I was excited to read yesterday that one of New Zealand's biggest brands (a bank) has announced it will be ending its relationship with the New Zealand branch of one of the world's biggest ad agencies.
Now before you accuse me of schadenfreude (I own a small and awesome ad agency, I don't take any particular joy in the likelihood that some people at the big agency had to tell their kids and partners last night that mummy or daddy might not have a job come Christmas. (I'm not going to cry any tears for their global CFO wondering how to plug the money hole though.)
What excites me about the move is that it signals a growing and positive trend in marketing. The age of the whale is ending: welcome to the age of the dolphin.
Whale agencies have served us well for 100 years or so. Solid, huge, global in reach and immensely powerful, they were a great fit for a time when advertising was about spending millions of dollars to put a message in front of millions of consumers.
But with that size came hunger. Whales live to eat. They need enormous amounts of krill and they need it every day. For that to work in the marketing ocean, whale agencies need whale clients; big, rich and able to fill the money bucket that high overheads and global ownership are constantly emptying.
Dolphins are different. Dolphins eat fish – they get their energy in larger, less frequent bursts than the filter-feeding whales. Eating takes up less time, creating the opportunity for play and allowing complex communities to develop.
Returning to the marketing ocean, in New Zealand dolphin agencies seem to be on the rise, and there are far fewer whales than there were a decade ago.
But how is this working out for the dolphins as businesses? Being a dolphin is fine, if all you want to do is swim about and avoid straying into the wrong Japanese cove. To eat and survive, though, you need clients to buy into the idea of dealing with a smaller fish / marine mammal than they're used to.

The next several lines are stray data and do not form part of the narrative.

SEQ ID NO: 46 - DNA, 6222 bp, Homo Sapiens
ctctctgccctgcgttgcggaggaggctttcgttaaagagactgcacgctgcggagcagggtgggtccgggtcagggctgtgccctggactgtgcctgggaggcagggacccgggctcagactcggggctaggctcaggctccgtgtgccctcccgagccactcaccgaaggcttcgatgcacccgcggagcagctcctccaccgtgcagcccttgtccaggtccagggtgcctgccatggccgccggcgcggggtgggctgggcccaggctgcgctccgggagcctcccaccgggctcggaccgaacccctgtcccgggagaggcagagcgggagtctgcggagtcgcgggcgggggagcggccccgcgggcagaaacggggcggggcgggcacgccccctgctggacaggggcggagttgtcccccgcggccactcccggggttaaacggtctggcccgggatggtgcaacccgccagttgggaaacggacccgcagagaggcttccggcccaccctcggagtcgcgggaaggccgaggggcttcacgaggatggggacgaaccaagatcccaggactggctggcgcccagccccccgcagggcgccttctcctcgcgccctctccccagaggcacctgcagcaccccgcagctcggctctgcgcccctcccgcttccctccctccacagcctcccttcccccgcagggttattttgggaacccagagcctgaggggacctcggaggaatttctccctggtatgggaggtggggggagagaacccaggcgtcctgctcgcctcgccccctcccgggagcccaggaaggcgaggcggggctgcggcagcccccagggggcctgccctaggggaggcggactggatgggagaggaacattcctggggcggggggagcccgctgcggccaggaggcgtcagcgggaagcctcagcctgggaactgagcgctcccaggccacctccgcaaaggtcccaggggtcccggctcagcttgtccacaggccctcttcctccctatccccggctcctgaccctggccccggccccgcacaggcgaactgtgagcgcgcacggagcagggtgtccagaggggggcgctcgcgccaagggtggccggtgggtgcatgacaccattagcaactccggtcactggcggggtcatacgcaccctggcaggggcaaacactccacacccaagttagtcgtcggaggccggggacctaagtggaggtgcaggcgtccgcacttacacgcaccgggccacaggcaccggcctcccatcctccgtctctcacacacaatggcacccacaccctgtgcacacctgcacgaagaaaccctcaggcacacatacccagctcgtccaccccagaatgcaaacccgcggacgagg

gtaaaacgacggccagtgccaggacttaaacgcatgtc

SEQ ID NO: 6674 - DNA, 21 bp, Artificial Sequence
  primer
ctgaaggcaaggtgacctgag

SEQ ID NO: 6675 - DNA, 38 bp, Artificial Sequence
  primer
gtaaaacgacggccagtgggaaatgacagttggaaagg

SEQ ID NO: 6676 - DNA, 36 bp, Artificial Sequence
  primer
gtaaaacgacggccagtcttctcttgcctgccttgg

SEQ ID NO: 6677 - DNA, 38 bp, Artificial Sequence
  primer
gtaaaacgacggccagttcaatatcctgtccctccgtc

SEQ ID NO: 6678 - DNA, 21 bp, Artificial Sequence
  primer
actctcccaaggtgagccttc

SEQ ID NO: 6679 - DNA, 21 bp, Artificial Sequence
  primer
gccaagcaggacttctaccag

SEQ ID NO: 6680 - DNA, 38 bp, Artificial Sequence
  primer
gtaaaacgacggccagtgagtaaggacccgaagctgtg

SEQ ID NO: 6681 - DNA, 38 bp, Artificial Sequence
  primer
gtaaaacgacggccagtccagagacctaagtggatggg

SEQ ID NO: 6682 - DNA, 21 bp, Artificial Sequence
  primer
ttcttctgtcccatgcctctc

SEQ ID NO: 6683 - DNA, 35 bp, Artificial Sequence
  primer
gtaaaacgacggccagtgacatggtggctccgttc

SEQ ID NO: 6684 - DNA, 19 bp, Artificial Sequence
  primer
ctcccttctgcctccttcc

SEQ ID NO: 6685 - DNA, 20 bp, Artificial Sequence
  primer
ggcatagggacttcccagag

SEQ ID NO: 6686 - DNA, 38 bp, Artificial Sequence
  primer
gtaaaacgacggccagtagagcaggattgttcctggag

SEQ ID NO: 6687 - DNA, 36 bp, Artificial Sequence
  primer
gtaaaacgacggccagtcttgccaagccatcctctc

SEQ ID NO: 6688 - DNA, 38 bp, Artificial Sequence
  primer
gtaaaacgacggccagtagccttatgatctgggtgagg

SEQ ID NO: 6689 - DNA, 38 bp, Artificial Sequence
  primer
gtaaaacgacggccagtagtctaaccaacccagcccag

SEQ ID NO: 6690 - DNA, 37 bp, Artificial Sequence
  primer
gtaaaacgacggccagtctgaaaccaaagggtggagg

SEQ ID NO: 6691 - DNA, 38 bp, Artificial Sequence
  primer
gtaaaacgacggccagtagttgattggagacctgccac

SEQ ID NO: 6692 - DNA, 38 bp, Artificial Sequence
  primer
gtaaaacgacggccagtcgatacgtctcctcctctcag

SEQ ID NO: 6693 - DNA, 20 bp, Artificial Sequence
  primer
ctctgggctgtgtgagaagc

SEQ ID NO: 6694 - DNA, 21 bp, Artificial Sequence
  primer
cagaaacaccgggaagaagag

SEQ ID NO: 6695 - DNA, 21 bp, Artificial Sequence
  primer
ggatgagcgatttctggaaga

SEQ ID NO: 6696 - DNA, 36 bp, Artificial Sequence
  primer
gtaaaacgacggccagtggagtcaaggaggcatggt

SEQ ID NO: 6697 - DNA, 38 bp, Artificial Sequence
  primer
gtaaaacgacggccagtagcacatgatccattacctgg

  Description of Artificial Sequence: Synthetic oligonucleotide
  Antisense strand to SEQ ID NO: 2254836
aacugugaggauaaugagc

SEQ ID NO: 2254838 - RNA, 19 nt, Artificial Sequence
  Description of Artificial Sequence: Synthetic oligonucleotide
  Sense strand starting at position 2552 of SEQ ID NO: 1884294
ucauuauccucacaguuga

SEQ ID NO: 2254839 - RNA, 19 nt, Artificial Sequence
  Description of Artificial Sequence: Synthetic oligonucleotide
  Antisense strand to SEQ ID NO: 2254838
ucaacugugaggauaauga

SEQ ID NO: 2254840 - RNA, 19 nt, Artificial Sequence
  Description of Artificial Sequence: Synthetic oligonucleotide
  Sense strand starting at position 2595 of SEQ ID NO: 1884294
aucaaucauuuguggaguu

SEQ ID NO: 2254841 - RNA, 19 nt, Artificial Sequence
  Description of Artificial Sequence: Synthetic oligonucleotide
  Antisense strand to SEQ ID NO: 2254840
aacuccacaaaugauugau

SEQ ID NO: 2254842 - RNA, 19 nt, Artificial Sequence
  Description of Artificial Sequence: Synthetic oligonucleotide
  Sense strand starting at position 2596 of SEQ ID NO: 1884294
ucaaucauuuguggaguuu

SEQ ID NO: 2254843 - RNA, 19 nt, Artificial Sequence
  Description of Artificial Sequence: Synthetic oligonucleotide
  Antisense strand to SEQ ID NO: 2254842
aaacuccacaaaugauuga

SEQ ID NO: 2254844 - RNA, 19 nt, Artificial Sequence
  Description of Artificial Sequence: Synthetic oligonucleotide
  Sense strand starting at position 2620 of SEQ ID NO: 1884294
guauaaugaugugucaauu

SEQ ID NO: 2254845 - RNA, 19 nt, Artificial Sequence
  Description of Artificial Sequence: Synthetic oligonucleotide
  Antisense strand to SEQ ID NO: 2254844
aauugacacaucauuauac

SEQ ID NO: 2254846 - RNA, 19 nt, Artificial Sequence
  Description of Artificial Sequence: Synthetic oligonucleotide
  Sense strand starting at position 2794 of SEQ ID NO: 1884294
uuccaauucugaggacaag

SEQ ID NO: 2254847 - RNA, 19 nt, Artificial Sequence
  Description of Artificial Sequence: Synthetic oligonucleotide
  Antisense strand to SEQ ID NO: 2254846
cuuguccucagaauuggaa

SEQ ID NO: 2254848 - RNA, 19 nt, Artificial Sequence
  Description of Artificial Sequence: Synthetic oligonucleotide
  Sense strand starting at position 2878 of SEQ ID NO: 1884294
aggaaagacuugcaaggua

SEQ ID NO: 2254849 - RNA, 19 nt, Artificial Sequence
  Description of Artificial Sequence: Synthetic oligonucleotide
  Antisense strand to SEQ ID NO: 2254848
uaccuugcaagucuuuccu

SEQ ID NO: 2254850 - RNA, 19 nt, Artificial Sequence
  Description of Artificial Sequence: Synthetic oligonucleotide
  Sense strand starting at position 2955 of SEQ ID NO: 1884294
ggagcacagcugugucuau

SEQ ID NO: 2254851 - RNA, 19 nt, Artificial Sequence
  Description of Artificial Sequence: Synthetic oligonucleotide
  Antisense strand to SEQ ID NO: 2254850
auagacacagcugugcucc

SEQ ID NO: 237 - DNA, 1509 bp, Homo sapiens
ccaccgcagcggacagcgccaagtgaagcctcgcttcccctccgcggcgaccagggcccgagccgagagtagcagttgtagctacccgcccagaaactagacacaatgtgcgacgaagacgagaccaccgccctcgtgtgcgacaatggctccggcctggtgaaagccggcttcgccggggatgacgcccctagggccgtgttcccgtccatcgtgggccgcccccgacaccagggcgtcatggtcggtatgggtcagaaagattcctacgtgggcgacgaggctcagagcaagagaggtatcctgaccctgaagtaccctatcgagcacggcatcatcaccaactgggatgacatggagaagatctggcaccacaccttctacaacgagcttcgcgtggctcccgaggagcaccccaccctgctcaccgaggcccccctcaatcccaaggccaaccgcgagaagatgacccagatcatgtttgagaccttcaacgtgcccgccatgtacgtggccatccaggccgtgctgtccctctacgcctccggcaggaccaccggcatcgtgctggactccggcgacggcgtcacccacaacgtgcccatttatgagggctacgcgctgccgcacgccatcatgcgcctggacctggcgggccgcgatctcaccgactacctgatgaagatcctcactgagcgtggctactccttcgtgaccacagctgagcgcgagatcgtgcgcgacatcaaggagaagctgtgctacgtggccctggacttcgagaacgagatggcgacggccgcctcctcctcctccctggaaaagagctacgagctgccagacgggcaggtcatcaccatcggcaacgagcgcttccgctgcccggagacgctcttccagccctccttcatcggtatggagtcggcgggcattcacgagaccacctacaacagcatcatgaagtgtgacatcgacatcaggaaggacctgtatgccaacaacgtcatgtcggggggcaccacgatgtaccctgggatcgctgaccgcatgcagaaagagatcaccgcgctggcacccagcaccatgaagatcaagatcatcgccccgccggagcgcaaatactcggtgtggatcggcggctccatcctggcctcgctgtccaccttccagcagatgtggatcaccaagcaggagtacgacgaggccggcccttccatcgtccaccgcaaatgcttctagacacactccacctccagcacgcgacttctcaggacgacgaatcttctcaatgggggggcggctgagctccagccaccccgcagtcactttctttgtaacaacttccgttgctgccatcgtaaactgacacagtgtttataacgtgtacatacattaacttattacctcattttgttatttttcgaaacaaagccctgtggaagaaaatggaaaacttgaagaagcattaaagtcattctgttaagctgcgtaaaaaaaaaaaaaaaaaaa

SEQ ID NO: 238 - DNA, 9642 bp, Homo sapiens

The good news is that’s exactly what is happening.
Spark (when Telecom) was an early leader, moving in the space of a few years from an almost-exclusive whale agency relationship to the more dolphin-friendly way it operates today. (The telco quietly cut its last ties with the whale it had used for decades last year.) Air New Zealand has followed the same path, while at the same time shifting from the “big gorgeous ad" model to the “try lots of shit" (actual name of strategy may vary) approach it's famous for today.
And now the first of the big banks.
Making the shift from a whale to a pod of dolphins takes more than a press release, of course. It means a lot more work for the client, and that's a good thing. When your whale agency has handled your account for longer than any of your marketers have worked for you (or in some cases, been alive) it can be easy to lean on the agency for marketing or even business strategy.
When you're dealing with dolphins, you need to own your own brand. You need to set your own objectives and drive your own marketing strategy. In short, marketers need to step up and be marketers. (And, of course, they need to Be Like Lego, as one genius commentator points out.)
Saying goodbye to a big, dependable whale is a brave decision. But it's the right one, and one that more and more big clients will make.
Welcome to the age of the dolphin.